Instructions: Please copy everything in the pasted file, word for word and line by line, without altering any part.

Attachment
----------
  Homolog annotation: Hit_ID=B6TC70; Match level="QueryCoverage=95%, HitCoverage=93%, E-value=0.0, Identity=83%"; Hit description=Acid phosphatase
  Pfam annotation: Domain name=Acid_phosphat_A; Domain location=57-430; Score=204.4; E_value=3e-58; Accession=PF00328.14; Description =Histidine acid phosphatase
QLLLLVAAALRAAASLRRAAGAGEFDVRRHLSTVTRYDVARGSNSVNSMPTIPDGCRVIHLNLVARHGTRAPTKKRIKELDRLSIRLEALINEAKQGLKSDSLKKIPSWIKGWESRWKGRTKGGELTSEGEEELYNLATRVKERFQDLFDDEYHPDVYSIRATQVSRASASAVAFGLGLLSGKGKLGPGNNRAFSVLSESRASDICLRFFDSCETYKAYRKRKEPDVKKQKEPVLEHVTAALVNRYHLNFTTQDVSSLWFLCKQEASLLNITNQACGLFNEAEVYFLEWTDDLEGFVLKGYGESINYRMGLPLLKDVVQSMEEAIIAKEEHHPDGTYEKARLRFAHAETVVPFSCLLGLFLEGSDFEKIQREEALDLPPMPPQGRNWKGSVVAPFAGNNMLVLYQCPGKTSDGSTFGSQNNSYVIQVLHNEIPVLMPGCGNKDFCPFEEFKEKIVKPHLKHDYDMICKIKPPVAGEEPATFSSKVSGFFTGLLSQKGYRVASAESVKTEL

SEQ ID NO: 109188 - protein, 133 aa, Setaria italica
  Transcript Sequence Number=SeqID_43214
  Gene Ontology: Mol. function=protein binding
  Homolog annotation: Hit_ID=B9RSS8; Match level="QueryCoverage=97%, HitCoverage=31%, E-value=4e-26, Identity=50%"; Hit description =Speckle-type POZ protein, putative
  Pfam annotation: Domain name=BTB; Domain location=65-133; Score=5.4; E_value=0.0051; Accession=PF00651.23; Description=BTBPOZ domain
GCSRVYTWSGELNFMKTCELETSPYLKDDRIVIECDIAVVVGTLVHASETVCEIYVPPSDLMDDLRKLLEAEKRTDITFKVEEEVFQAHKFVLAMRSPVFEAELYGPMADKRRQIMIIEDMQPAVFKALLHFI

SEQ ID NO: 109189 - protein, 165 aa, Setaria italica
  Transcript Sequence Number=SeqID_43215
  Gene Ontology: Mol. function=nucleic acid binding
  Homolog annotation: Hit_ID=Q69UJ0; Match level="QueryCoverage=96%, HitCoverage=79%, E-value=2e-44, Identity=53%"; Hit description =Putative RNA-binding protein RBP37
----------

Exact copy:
  Homolog annotation: Hit_ID=B6TC70; Match level="QueryCoverage=95%, HitCoverage=93%, E-value=0.0, Identity=83%"; Hit description=Acid phosphatase
  Pfam annotation: Domain name=Acid_phosphat_A; Domain location=57-430; Score=204.4; E_value=3e-58; Accession=PF00328.14; Description =Histidine acid phosphatase
QLLLLVAAALRAAASLRRAAGAGEFDVRRHLSTVTRYDVARGSNSVNSMPTIPDGCRVIHLNLVARHGTRAPTKKRIKELDRLSIRLEALINEAKQGLKSDSLKKIPSWIKGWESRWKGRTKGGELTSEGEEELYNLATRVKERFQDLFDDEYHPDVYSIRATQVSRASASAVAFGLGLLSGKGKLGPGNNRAFSVLSESRASDICLRFFDSCETYKAYRKRKEPDVKKQKEPVLEHVTAALVNRYHLNFTTQDVSSLWFLCKQEASLLNITNQACGLFNEAEVYFLEWTDDLEGFVLKGYGESINYRMGLPLLKDVVQSMEEAIIAKEEHHPDGTYEKARLRFAHAETVVPFSCLLGLFLEGSDFEKIQREEALDLPPMPPQGRNWKGSVVAPFAGNNMLVLYQCPGKTSDGSTFGSQNNSYVIQVLHNEIPVLMPGCGNKDFCPFEEFKEKIVKPHLKHDYDMICKIKPPVAGEEPATFSSKVSGFFTGLLSQKGYRVASAESVKTEL

SEQ ID NO: 109188 - protein, 133 aa, Setaria italica
  Transcript Sequence Number=SeqID_43214
  Gene Ontology: Mol. function=protein binding
  Homolog annotation: Hit_ID=B9RSS8; Match level="QueryCoverage=97%, HitCoverage=31%, E-value=4e-26, Identity=50%"; Hit description =Speckle-type POZ protein, putative
  Pfam annotation: Domain name=BTB; Domain location=65-133; Score=5.4; E_value=0.0051; Accession=PF00651.23; Description=BTBPOZ domain
GCSRVYTWSGELNFMKTCELETSPYLKDDRIVIECDIAVVVGTLVHASETVCEIYVPPSDLMDDLRKLLEAEKRTDITFKVEEEVFQAHKFVLAMRSPVFEAELYGPMADKRRQIMIIEDMQPAVFKALLHFI

SEQ ID NO: 109189 - protein, 165 aa, Setaria italica
  Transcript Sequence Number=SeqID_43215
  Gene Ontology: Mol. function=nucleic acid binding
  Homolog annotation: Hit_ID=Q69UJ0; Match level="QueryCoverage=96%, HitCoverage=79%, E-value=2e-44, Identity=53%"; Hit description =Putative RNA-binding protein RBP37